WE ARE: 5 women navigating our twenties in search of peace, happiness and love (or not). WE WRITE: about everything and nothing. From the insane to the mundane- you will find different paths taken, lessons learned and lives lived. WE THINK: you’ll enjoy it...Warning: Consumption of these views may leave you enlightened while intoxicated.

SO LONG, FAREWELL...

The View From Here will conclude on Friday, October 1, our third year anniversary. We would like to spend this month thanking all of our readers, followers, haters, visitors, family, friends, and fans for your continued support, encouragement, and comments over these past few years. Thanks y'all!
-The Five Spot

Thursday, January 24, 2008

to catch a killer

Earlier this month, I got cable and that’s saying something cause I’d been without it for over 9 months. And I’m so happy to have the first 48 back in my life.

This. Show. Is. The. TRUTH. Literally, ha ha…

For homicide detectives, the clock starts ticking the moment they are called. Their chance of solving a case is cut in half if they don't get a lead in THE FIRST 48. dunt dunt.

The show follows around homicide detectives in cities like Miami, Las Vegas & Detroit as they try to solve murders. There are usually two murders per show and they switch back and forth between the cities as the detectives arrive on the scene, investigate and try to catch the killers.

I started watching it in the summer of ‘06 when I was studying for my first bar exam…lol, who knew. Anyway, that summer I tried not to watch any tv but one day after a boring-as-usual bar.bri class, I was layin on my friend’s couch flipping through and this show caught my attention.

A reality show. Dead Bodies. Drama. Mystery. Sign me up. It’s law and order without the filter and I love it for a few reasons.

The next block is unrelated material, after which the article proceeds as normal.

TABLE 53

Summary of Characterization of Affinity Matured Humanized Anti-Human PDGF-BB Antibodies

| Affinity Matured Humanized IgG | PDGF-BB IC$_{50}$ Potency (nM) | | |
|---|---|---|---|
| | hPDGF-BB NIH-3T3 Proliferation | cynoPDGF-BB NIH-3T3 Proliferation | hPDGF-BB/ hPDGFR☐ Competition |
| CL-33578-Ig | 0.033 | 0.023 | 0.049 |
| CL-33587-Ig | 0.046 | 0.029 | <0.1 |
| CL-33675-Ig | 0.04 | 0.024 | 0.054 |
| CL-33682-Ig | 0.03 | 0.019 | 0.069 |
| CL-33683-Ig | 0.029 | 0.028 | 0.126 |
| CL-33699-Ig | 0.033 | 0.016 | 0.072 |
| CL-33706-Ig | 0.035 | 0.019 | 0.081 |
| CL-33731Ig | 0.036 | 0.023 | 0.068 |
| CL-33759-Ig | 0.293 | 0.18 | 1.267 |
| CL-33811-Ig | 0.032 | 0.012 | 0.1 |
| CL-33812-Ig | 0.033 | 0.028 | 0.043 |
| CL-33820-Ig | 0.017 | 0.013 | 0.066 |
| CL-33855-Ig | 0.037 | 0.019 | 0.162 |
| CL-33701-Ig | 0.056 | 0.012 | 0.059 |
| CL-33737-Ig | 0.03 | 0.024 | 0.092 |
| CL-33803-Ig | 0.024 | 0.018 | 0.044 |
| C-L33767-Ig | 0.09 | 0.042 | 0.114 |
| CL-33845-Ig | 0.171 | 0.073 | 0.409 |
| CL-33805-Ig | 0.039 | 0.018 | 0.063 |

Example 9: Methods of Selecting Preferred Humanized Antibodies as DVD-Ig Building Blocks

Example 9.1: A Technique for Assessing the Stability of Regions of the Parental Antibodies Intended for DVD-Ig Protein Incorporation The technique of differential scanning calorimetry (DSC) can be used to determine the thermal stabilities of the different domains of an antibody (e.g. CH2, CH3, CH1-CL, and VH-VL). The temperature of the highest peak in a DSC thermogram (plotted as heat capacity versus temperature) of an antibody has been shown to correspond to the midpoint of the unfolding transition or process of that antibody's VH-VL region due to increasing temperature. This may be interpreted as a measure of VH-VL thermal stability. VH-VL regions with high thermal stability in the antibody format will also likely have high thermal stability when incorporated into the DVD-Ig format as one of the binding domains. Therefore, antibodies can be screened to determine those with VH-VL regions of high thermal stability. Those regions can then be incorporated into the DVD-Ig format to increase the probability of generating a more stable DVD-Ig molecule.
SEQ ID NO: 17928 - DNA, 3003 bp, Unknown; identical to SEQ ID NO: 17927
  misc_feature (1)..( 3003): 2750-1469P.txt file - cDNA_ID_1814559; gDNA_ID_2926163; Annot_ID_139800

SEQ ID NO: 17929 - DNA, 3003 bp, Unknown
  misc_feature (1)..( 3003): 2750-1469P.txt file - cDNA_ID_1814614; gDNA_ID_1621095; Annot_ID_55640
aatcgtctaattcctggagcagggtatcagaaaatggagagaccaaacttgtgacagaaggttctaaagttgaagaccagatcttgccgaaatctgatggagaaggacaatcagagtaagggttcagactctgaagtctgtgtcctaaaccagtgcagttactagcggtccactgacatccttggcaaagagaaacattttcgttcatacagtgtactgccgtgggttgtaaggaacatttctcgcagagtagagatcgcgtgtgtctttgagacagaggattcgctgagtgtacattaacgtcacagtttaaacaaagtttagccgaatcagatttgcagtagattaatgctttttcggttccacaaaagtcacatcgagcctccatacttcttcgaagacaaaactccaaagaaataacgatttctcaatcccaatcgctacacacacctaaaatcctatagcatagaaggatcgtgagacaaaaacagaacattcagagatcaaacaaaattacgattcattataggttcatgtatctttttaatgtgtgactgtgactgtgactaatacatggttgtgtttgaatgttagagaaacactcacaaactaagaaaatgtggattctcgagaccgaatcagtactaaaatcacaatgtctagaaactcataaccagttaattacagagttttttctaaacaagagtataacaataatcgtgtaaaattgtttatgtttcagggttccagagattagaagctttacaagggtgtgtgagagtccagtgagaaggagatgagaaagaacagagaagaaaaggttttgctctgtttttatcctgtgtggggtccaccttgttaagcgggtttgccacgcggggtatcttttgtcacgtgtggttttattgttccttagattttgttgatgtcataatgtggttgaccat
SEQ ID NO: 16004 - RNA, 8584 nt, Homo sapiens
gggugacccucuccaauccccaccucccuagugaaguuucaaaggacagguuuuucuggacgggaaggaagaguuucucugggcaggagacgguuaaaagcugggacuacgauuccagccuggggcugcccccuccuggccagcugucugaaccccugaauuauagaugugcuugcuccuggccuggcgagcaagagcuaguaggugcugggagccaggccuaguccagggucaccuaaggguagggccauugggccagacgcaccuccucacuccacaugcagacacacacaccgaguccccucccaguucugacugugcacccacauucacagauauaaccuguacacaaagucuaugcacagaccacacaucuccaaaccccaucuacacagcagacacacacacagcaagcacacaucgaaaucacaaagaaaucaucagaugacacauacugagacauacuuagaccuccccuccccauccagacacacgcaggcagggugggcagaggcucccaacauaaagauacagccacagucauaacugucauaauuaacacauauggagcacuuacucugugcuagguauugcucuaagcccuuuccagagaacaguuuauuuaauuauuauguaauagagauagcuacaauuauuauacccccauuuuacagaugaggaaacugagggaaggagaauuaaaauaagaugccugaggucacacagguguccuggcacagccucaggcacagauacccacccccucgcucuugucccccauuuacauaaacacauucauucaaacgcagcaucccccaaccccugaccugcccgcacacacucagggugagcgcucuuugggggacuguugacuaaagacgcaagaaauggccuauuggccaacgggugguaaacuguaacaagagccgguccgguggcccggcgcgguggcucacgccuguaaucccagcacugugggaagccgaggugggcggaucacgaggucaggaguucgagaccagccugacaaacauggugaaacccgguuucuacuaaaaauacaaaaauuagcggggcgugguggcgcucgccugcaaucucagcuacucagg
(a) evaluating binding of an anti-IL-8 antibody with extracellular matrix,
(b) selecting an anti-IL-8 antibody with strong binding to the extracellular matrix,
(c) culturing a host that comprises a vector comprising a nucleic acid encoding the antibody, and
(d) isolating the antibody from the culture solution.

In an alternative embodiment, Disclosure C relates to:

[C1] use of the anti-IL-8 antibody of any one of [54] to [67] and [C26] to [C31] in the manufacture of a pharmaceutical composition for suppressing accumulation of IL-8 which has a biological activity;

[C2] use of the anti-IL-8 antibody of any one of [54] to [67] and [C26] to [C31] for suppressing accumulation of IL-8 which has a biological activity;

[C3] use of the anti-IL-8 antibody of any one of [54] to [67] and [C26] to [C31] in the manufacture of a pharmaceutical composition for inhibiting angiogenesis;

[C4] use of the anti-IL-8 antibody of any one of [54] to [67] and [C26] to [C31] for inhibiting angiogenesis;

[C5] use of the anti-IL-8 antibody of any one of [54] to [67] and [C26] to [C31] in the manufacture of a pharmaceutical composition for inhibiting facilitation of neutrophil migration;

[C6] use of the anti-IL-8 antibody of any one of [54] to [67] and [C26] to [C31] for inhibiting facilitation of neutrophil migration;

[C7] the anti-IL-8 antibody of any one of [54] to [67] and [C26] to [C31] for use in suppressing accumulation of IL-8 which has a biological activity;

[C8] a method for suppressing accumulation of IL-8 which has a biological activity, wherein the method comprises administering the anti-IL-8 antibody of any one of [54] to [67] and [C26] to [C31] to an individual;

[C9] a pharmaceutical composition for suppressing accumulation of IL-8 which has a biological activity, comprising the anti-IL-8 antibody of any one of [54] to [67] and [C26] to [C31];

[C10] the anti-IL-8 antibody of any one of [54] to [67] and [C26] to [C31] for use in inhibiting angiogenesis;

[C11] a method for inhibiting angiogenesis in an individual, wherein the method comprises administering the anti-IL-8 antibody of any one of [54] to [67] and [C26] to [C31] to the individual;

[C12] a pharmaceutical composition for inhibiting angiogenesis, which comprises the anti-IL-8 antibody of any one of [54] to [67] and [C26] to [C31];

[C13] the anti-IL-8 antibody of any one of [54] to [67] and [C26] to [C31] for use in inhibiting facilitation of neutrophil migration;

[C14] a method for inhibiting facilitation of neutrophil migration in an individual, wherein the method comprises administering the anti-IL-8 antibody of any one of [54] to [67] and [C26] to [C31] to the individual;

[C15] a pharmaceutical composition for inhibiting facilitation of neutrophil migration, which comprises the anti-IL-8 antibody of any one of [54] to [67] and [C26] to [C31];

Sgt. Caroline Mason. She cracks me up. showing up at crime scenes wit stilettos on, her weave swinging, nails and make-up some crazy shade of red, she chats up the folks in the hood using what she calls “her ghetto pass.” and she usually gets the goods. I just love her.

Now ya’ll know I’m more defense minded. Well, very, totally and completely but whatever. For some reason, I find it so fascinating to watch the process from the other side. Of course, it burns me up when people go into the interview room and after a couple of pointed questions, jokers start pouring they hearts out.

Okay okay, you want me to tell you what really happened? I’ma tell you the real truth. This the truth right here. What had happened was…

Damn damn damn suspect, keep your mouth shut. Ask for a lawyer

But at the same time, I’m happy when people tell the truth, that they did it (but they do “deserve” and have a right to a competent defense) because the show is so good at humanizing the victims.

Dude mighta been standing on the corner slanging when he got shot, but announcer guy will say some shit like, Darnell Jenkins, the father of two small children, grew up in the neighborhood, everybody knew him… AS A DRUG DEALER. But still, every person that dies is treated with respect no matter the circumstances of their death and you see that in the back story of their lives, the moments when the detectives go to their families and break the news that they have passed, and the pain and emotion in the detectives faces as a trail goes cold.